So many folks in the project management profession think that Agile is for software and doesn’t apply to traditional project management but this is NOT THE CASE!!!. Agile is primarily a mindset and a leadership methodology that will benefit EVERY PROJECT!!!!
Agile has many different processes but at its foundation, Agile is predominantly a mindset. Much like “Lean” (which predates Agile but is now considered an Agile methodology), Agile promotes a way of thinking that can be applied to almost every project. Primary aspects of this thought process are frequent customer/user engagement and validation of requirements, and a tenacious drive to deliver value rapidly. There is also a foundational desire to embrace change. Depending on the type of project change is traditionally viewed as more expensive as the project continues which is true, when you have little to no engagement with the customer.
How can Agile be applied to traditional predictive projects?
1) Find pockets of undefined scope where the customer or situation doesn’t allow for early advanced planning. (buckets of Agile)
Traditional project management is built on a large amount of planning for a rather known or defined scope. Once the plan is complete it is executed through a work breakdown structure that flows from one dependency to another tracked through a Gantt chat or other scheduling software that tracks workflows and dependencies. Where Agile can be implemented is in those areas where scope is less defined, and change is expected. Following the agile principle of “make a decision at the last possible moment,” this would allow for the dependency driven activities to progress and possibly add definition to the unknown scope sections. By allowing for Buckets of Agile, you can help the customer through the decision-making process while reducing risk of future change due to re-work or purchasing unnecessary supplies. Applying this concept would also allow projects to start earlier wile certain sections remain undefined.
2) Integrate Agile principle of “stakeholder Engagement”.
Agile methodologies are built around a continual dialog both with the customer and the project team. Ideally, face to face dialog and communication occur daily with the team and you have a biweekly demonstration/touch point with the customer. While this may seem like a potential waste of time it is not. For the customer, it allows the customer to maintain ownership in the project and allows for early identification of desires for change. This may not be applicable for all projects at the “whole project” level but could be applied at sub task levels or could be used on smaller projects. The value in applying stakeholder engagement would be to improve the overall “quality” from the voice of the customer point of view. As the PM, you can see what areas might lend towards change and coach the customer through the potential options for them while the project is ongoing. If you plan in these “buckets of Agile” then there might be a desire for the customer to stay engaged knowing they have creative license in a few areas.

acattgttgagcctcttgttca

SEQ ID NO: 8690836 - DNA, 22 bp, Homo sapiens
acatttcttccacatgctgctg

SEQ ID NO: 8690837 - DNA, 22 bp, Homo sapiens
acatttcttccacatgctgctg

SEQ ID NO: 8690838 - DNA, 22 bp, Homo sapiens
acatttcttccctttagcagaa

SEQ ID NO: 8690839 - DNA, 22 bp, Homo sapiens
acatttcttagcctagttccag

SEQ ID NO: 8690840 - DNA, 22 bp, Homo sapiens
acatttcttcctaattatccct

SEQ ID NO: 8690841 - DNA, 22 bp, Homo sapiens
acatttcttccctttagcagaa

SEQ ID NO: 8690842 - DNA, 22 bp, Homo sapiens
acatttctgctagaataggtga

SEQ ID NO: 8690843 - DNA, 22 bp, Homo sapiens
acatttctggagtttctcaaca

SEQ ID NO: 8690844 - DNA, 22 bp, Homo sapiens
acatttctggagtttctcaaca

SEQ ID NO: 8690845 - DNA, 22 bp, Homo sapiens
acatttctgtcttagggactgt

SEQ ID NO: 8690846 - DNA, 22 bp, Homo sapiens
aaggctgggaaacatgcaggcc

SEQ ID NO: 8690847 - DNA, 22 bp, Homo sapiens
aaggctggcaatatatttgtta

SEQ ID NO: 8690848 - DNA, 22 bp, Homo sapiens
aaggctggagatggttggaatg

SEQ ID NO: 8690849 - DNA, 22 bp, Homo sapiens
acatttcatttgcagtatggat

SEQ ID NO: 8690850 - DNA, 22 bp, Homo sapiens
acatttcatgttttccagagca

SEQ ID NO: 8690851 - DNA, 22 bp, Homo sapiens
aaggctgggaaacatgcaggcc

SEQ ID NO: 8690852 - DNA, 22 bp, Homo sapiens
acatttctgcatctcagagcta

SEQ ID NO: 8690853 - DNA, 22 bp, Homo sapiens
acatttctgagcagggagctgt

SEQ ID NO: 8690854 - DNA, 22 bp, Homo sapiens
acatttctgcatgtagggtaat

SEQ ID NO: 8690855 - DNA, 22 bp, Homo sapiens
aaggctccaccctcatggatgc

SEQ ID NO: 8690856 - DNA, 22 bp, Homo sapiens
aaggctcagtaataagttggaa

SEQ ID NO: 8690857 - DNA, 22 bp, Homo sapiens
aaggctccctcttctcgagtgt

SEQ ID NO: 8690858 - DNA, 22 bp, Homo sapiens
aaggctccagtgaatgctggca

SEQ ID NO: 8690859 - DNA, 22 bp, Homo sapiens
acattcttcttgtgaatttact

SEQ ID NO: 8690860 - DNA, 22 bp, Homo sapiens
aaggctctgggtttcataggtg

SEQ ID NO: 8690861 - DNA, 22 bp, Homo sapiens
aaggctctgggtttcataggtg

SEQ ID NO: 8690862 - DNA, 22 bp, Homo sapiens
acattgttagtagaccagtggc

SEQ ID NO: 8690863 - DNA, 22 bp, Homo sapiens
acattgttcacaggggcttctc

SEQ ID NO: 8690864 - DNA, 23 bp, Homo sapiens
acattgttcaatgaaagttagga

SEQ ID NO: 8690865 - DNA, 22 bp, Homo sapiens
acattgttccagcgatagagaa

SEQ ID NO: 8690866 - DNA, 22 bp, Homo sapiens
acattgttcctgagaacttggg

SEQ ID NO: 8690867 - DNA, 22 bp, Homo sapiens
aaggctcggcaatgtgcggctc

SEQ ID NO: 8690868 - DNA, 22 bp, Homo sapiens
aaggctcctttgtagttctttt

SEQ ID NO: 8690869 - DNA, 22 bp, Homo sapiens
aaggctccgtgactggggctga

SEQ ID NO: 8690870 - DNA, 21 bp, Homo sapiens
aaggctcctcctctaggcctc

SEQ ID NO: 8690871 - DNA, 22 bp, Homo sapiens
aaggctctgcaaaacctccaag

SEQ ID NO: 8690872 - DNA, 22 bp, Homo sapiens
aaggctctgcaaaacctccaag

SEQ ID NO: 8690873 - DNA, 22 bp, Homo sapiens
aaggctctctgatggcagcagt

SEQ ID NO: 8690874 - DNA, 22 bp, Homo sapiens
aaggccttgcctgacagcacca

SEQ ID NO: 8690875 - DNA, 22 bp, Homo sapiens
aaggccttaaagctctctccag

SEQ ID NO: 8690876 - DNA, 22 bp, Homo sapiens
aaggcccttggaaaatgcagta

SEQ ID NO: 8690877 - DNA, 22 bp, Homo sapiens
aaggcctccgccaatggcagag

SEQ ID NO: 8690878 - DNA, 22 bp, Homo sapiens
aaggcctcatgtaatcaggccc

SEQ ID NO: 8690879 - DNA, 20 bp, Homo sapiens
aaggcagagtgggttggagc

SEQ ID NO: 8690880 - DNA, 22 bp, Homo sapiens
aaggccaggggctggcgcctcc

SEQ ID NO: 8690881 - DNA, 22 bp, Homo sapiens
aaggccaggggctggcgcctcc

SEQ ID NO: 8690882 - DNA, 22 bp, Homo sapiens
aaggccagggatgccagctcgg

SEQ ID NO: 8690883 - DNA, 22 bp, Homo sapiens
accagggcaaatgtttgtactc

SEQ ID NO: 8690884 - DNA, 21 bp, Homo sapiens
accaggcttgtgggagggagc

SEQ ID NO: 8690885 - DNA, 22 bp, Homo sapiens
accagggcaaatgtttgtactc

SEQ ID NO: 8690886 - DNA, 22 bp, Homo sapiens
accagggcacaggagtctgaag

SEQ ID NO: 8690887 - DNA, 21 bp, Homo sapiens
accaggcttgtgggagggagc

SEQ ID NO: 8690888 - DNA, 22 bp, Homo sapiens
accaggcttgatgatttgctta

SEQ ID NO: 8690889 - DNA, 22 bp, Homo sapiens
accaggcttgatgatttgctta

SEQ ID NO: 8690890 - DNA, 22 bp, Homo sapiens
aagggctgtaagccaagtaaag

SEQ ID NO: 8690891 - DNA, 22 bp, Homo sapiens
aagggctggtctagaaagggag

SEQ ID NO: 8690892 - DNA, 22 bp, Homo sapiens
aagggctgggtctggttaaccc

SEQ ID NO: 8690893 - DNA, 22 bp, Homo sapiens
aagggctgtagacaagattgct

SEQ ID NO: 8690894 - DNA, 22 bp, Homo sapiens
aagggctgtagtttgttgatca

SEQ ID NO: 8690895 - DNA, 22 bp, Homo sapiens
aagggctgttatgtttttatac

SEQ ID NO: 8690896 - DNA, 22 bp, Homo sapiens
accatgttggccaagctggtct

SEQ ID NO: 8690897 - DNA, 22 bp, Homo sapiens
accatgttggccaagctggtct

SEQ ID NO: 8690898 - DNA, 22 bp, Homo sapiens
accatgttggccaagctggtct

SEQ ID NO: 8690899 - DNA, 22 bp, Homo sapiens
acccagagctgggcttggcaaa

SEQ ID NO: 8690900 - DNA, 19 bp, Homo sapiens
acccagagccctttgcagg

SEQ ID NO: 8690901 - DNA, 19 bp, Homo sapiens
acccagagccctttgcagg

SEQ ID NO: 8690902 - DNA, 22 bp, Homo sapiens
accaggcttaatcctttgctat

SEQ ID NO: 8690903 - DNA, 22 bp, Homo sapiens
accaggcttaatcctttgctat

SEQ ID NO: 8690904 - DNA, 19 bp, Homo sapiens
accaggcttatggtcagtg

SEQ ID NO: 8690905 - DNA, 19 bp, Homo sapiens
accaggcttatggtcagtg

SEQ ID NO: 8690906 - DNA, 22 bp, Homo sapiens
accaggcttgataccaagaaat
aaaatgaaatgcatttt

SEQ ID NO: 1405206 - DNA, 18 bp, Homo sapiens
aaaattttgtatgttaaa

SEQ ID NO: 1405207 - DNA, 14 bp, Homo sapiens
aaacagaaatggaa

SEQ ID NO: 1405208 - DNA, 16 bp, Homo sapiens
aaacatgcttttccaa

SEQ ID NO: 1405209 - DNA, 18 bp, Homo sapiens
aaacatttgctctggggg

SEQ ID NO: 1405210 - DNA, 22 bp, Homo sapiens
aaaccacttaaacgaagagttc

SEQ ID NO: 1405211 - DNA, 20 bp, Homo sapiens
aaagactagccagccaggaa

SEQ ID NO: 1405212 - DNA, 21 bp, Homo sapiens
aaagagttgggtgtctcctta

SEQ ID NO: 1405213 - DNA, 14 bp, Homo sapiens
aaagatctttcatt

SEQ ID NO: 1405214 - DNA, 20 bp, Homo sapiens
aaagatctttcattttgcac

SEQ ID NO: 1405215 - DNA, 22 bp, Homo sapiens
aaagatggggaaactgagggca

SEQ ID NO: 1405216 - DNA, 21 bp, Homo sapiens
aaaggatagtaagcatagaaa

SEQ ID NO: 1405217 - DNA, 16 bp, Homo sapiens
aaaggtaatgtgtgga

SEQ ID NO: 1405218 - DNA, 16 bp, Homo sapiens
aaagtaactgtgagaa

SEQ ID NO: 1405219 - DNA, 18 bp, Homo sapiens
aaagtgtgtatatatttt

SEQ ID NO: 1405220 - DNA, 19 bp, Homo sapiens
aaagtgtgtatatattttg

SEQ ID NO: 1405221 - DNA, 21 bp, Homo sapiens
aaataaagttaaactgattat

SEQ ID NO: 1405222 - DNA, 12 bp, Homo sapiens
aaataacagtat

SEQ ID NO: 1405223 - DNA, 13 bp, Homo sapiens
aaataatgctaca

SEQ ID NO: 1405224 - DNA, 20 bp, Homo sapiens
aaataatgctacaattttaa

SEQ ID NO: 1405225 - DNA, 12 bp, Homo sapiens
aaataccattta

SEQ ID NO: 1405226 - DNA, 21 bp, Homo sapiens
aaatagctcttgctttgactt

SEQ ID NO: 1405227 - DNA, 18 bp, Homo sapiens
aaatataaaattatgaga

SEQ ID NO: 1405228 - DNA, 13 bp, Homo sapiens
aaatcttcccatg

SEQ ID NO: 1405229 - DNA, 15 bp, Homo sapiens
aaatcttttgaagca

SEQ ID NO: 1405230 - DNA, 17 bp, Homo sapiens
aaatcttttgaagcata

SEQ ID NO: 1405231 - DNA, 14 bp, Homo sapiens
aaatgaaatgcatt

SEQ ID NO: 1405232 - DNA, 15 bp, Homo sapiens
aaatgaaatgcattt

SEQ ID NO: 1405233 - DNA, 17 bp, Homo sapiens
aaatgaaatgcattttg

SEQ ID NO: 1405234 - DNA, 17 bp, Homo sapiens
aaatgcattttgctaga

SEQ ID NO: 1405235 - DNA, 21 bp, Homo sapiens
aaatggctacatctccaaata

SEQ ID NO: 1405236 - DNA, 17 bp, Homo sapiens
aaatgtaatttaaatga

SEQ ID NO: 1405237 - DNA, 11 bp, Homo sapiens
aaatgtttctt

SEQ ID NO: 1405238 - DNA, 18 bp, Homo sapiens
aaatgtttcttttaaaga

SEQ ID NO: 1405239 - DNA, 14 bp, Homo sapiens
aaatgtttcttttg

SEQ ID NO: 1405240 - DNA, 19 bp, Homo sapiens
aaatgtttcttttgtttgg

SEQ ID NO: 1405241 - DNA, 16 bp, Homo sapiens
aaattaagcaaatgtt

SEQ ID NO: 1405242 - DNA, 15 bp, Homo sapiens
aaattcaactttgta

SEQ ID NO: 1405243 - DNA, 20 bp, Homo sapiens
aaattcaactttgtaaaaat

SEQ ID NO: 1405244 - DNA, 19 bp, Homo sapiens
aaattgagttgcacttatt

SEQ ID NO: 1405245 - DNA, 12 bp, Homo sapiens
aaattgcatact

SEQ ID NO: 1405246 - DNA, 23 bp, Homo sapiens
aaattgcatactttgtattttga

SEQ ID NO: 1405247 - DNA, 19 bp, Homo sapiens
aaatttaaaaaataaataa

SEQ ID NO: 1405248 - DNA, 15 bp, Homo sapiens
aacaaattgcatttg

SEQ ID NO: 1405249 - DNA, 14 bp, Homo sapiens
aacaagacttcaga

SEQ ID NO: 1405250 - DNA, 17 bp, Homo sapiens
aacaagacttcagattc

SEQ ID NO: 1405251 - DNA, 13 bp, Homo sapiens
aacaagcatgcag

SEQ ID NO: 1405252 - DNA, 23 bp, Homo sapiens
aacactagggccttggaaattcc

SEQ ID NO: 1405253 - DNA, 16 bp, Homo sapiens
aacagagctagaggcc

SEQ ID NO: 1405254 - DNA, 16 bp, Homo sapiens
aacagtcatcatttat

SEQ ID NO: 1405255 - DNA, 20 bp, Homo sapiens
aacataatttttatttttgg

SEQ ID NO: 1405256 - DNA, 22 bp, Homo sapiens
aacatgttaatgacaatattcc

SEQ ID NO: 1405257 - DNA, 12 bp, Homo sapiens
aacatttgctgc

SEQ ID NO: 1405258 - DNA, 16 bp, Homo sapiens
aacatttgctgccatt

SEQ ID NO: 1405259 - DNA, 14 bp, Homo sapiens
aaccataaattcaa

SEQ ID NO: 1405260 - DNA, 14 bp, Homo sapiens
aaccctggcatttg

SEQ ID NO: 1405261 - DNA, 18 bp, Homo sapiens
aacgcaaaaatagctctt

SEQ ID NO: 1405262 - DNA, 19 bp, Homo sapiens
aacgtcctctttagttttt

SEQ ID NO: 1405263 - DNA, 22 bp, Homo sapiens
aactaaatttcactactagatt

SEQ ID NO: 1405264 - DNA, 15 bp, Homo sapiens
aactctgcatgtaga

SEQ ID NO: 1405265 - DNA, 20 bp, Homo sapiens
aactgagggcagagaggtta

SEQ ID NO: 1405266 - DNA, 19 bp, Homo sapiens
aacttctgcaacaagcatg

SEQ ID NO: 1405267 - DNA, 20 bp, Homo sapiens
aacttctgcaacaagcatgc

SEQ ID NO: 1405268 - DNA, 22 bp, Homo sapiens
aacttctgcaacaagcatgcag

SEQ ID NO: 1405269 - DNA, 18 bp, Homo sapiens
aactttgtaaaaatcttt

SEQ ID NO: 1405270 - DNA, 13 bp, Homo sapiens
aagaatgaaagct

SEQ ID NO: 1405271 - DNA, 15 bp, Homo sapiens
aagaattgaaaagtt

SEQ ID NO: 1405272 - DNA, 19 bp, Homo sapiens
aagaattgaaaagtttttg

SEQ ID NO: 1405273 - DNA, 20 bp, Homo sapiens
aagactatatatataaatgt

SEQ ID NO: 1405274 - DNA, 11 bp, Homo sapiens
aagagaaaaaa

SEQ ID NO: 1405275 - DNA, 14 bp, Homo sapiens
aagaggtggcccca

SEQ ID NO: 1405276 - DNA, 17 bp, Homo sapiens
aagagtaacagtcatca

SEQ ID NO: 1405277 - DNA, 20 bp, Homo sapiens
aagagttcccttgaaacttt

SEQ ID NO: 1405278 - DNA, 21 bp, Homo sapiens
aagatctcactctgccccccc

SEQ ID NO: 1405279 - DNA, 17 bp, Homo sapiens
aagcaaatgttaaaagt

3) Integrating Kanban processes for project teams
For most Agile projects Kanban and backlog are used to manage the overall project. For large scale predictive projects this could be overwhelming. But from a management of daily activities, this concept could be extremely beneficial. While working on a construction project, if my team can see the next two weeks of work in the “backlog” and they can see the priorities of work for today, then they know where to focus, and if there are work delays for uncontrollable reasons, they know where to find “other work” they might be able to work on based on the prioritized backlog on the board. By having this listed then you empower the team to self-organize and participate in the decision-making process.
4) Empower the team to make decisions and solve problems.
This concept is about good leadership as well as project team structure and has many benefits. In predictive projects there can be a fear of allowing decisions to be made at certain levels due to risk or liability. This is understandable to some degree, but by not empowering the team to make decisions, you slow down the ability to adapt to the environment. If you team knows the priorities of work, and they know the intent of the project and the objectives, timelines and goals, and they have clear boundaries in the decision-making process, then they can adapt rapidly to change in the field. This frees up the project manager to focus on future risks or things that may cause disruption rather than day to day operations. Since there is daily interaction with the team, these changes can still be managed. Additionally, if when issues arise, the PM pulls in the team and asks for their feedback on how to solve the problem, the team will learn that they are valued and included which then drives overall team performance. There is a great knowledge base among the collective team than there is with the PM.
In Closing, I think there are many more valuable principles from Agile that will greatly impact traditional predictive projects, but I wanted to get the dialog started. Agile is not a software methodology but a great leadership philosophy to structure and manage projects.
If you want to have a conversation about how this might apply to you and your team, please send me an email.
Josh Atkinson, PMP, DML
Prosci Change Manager
I have experience in logistics projects, process improvement and change management projects, system optimization, heavy rigging and engineered construction, as well as Gov’t consulting and acquisition document development and sustainment.